Community Involvement & Recreation
Participating in the community outside your role as a police officer is an important part of your work/life balance. By bonding with teammates after hours and letting the public see your personal side, you help forge a positive image for the EPS. All while keeping fit and having fun!
Street Legal Team
Drag racing in Canada's urban centre streets is a serious problem and one that can claim innocent lives. The EPS is concerned about this growing trend in our community and has consequently formed the Street Legal Team. Using police race cars as an aid, team members develop relationships with the racing community.
The Street Legal Team is managed by the Blue Line Racing Association, which is a non-profit organization run by a volunteer group of EPS members and funded solely by community partners.
Cops for Cancer
In June 1994, Sgt. Gary Goulet of the EPS met Lyle Jorgenson, a five-year-old boy with cancer. Sgt. Goulet requested the meeting after learning that Lyle was being teased at school because of his hair loss from chemotherapy. The officer was moved by Lyle’s story and he wanted to help. That was the beginning of the Canadian Cancer Society’s Cops for Cancer campaign.
Since his head was already shaved, Sgt. Goulet gathered a group of EPS officers who were willing to shave their own heads and join Lyle at school to show kids that being bald was cool. His activities received plenty of media coverage, along with calls and letters from citizens touched by the officer's campaign.
One letter, however, moved Sgt. Goulet to do more. It came from a woman whose daughter had lost her hair during cancer treatment. She urged him to continue his campaign by challenging other police departments to get involved.
Sgt. Goulet contacted the Canadian Cancer Society and the head-shaving event caught on. Since that time, the campaign has grown to include a number of fundraising events including coin collections, golf tournaments, road races and head-shaving events. Police services across the country are now on-board in the fight against cancer.
Recreation and Sports
Members of the EPS have the opportunity to participate in a number of sports at many levels of competition. If you’re up for the challenge, there’s always a men’s, women’s or co-ed team needing an extra member. Teams include:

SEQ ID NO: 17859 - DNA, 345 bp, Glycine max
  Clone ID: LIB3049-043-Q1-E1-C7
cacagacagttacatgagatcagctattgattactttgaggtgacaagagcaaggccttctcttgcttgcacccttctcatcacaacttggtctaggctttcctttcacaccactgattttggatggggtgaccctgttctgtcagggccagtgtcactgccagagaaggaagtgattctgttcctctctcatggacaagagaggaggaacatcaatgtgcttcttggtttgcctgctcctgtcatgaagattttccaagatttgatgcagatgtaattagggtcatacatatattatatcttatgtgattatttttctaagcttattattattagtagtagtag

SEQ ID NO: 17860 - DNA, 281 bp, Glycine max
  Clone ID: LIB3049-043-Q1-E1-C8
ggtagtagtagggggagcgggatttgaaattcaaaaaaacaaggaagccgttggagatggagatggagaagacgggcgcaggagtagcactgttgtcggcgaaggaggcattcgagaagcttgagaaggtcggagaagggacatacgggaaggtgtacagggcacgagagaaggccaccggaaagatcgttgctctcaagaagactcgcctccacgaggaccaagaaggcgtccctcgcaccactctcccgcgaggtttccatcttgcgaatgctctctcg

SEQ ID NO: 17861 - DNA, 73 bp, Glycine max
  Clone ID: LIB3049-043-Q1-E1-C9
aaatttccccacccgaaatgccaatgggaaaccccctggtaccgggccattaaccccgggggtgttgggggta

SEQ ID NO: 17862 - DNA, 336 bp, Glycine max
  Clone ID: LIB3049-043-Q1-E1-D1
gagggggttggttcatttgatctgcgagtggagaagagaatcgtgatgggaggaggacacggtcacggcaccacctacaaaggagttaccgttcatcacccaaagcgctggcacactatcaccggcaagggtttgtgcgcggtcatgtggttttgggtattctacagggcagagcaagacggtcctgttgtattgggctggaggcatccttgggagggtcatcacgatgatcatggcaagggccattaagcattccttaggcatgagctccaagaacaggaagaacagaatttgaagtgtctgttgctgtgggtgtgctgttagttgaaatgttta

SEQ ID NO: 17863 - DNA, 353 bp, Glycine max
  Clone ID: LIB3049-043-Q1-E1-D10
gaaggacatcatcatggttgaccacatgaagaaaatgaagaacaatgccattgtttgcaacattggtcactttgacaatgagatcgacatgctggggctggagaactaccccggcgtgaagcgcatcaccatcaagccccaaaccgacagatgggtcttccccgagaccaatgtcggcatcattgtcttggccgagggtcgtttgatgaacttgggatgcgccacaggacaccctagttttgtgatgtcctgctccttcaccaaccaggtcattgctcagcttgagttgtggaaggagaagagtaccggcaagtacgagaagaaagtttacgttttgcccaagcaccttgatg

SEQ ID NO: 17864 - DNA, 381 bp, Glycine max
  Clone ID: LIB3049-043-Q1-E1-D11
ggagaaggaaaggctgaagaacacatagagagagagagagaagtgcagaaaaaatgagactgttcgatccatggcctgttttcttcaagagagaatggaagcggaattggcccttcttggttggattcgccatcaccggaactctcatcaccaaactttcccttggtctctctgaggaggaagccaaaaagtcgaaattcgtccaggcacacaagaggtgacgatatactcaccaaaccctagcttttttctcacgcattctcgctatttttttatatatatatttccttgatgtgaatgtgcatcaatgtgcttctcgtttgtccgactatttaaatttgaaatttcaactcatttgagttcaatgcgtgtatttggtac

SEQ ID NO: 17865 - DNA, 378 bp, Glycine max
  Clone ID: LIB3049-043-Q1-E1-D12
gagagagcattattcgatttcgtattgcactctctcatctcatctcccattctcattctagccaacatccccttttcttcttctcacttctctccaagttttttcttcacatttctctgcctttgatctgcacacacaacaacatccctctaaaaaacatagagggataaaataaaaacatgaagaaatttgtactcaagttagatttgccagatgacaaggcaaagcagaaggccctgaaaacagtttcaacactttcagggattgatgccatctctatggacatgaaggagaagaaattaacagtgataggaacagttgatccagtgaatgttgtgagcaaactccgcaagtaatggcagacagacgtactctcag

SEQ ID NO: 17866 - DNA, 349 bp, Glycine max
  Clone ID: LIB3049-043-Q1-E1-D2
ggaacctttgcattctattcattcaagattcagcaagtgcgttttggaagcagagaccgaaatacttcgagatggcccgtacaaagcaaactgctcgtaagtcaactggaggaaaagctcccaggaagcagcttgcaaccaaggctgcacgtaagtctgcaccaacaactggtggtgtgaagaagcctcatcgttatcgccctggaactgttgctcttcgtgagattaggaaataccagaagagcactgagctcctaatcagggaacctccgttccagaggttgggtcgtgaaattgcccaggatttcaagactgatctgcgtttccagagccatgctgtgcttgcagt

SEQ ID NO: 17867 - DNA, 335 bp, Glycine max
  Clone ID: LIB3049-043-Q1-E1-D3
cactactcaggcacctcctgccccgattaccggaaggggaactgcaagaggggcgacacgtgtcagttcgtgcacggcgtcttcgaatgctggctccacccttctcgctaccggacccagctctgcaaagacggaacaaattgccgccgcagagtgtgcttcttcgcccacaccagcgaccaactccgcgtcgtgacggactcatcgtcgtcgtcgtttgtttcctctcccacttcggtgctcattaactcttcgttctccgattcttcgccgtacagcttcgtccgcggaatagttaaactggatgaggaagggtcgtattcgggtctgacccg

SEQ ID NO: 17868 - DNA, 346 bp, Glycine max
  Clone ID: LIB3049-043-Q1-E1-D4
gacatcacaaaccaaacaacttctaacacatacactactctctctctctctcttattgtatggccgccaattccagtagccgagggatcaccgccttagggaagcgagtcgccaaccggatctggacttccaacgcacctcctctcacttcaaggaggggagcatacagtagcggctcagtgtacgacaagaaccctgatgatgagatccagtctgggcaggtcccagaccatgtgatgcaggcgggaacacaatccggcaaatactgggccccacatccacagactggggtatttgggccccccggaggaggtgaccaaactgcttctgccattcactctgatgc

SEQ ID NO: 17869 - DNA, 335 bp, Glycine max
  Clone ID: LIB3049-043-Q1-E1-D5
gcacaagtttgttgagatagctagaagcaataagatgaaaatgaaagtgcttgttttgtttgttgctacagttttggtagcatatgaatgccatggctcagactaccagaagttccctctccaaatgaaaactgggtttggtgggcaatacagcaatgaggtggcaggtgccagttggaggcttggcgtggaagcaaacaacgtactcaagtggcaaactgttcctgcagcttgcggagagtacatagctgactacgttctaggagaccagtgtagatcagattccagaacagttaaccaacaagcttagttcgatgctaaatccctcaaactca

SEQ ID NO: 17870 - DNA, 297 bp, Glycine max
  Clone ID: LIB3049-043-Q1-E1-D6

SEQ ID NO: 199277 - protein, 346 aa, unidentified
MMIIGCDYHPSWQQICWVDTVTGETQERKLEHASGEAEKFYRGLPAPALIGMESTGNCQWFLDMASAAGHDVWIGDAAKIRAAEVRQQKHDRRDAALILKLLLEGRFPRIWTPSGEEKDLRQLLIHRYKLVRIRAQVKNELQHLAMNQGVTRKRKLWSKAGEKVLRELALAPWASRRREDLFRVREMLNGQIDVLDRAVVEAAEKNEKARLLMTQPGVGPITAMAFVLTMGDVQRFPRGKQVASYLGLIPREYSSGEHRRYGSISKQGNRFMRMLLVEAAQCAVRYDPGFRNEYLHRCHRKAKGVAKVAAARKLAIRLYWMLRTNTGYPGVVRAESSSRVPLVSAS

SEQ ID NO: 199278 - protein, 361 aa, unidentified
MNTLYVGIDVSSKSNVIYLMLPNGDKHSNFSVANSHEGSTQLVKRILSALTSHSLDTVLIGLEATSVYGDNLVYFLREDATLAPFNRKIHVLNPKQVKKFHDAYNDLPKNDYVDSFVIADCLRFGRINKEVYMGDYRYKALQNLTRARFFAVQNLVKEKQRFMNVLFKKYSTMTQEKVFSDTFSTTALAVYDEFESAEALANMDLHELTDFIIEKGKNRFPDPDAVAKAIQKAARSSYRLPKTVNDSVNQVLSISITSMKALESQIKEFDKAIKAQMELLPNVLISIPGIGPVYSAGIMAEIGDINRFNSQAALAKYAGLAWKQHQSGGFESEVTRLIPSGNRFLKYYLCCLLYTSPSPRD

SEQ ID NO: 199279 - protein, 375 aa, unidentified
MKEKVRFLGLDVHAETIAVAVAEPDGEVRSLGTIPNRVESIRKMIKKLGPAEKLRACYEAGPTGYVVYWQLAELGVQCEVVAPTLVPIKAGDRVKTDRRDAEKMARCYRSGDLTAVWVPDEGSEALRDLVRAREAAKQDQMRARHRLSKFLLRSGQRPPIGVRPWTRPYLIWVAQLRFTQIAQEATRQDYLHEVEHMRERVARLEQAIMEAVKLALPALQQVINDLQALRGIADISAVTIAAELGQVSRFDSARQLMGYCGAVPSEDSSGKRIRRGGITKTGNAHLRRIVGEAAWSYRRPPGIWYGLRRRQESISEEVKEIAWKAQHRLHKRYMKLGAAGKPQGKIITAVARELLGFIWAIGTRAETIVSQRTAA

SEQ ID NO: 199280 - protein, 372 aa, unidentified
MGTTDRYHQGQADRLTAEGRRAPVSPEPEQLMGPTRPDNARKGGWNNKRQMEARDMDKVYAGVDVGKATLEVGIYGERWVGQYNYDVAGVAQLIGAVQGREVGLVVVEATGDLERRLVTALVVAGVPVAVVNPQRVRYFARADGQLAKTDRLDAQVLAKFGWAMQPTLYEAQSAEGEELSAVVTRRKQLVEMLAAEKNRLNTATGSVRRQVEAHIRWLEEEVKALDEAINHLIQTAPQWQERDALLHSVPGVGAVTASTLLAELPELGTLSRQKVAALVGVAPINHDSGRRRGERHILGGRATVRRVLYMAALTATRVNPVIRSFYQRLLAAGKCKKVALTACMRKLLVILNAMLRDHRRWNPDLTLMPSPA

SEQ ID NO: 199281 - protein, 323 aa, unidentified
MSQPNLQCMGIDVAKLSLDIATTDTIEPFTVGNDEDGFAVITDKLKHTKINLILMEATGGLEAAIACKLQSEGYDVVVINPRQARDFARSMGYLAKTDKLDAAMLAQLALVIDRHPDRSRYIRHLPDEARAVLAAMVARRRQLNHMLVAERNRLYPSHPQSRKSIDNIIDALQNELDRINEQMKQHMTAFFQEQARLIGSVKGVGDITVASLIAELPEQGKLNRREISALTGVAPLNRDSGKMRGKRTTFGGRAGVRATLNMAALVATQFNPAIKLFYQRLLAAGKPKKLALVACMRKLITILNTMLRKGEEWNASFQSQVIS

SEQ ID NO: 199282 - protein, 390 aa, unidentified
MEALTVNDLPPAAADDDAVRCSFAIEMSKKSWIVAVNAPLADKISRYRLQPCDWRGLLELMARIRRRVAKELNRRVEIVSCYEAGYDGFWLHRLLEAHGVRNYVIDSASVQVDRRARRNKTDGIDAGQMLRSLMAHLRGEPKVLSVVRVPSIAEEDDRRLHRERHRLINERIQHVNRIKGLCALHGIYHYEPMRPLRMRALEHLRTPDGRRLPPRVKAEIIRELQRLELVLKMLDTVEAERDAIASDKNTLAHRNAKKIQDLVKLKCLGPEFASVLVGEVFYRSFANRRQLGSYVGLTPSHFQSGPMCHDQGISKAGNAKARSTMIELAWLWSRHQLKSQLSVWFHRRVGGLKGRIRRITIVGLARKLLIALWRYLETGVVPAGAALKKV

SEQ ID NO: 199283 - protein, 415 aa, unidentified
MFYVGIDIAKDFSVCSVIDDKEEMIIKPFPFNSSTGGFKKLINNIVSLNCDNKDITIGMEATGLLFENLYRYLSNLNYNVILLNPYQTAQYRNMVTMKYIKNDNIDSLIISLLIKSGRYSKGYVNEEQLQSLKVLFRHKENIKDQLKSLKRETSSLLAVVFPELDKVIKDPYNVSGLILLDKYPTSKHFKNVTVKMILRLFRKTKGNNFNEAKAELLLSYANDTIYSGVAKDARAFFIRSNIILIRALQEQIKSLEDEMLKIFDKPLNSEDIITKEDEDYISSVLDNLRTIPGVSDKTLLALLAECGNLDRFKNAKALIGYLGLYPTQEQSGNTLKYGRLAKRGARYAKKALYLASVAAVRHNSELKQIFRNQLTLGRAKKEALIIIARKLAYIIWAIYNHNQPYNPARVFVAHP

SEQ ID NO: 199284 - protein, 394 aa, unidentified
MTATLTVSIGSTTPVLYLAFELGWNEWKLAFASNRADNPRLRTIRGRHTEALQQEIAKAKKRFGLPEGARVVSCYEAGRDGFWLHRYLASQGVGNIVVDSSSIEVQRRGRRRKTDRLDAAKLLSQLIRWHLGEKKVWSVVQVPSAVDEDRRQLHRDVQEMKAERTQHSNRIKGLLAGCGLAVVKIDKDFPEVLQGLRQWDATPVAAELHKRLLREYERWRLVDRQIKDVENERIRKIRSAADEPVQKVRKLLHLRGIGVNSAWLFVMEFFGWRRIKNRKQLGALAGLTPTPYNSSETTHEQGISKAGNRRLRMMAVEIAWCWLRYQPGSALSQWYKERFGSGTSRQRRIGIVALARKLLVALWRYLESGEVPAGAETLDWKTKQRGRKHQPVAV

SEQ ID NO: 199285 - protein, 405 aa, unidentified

There are also several drop-in classes offered for members at headquarters. Classes include martial arts, yoga and Pilates, to name a few. Every year, the EPS also enters a team into the Edmonton and Area Corporate Challenge.
Pipes and Drums
The Pipes and Drums of the EPS currently has 30 members made up of EPS, Royal Canadian Mounted Police and Canadian Armed Forces members. Only active and retired police officers are afforded the privilege to be a member of this band. The majority of members have learned their musical skills within the ranks of the EPS.
Members of the EPS enjoy access to a private campground within minutes of the city. It’s a great place to hold gatherings, family functions, or just get away from the city life for a weekend.
The EPS, in conjunction with the Edmonton Police Association, support a variety of hockey teams at all levels within the police service. The EPS Blues play in the Capital City Elite Men’s Hockey League. Many players from the league have played junior, minor pro, and even NHL. The Blues also take part in the Western Police Hockey Tournament on a yearly basis. The Faded Blues participate yearly in the Old Timers Challenge. So if you like to play hockey, there’s definitely a team for you at the EPS.
The EPS, in conjunction with the Edmonton Police Association, support a men’s team in both outdoor and indoor soccer. The team participates in the Edmonton District Soccer Association.
Ironcops for Cancer started in 1999 when a group of nine EPS members and one civilian teamed up to complete the Ironman Canada Triathlon (3.8 km swim, 180 km bike, 42.2 km run) to raise funds for the Canadian Cancer Society. Since then, the team has raced every second year, balancing out their commitment to the sport and community by volunteering at the race when not in a racing year. The team has grown to 125 members nationwide (both sworn police officers and civilians).
The team trains and fundraises throughout the year and is open to anyone committed to making a difference whether they have an interest in racing Ironman or not.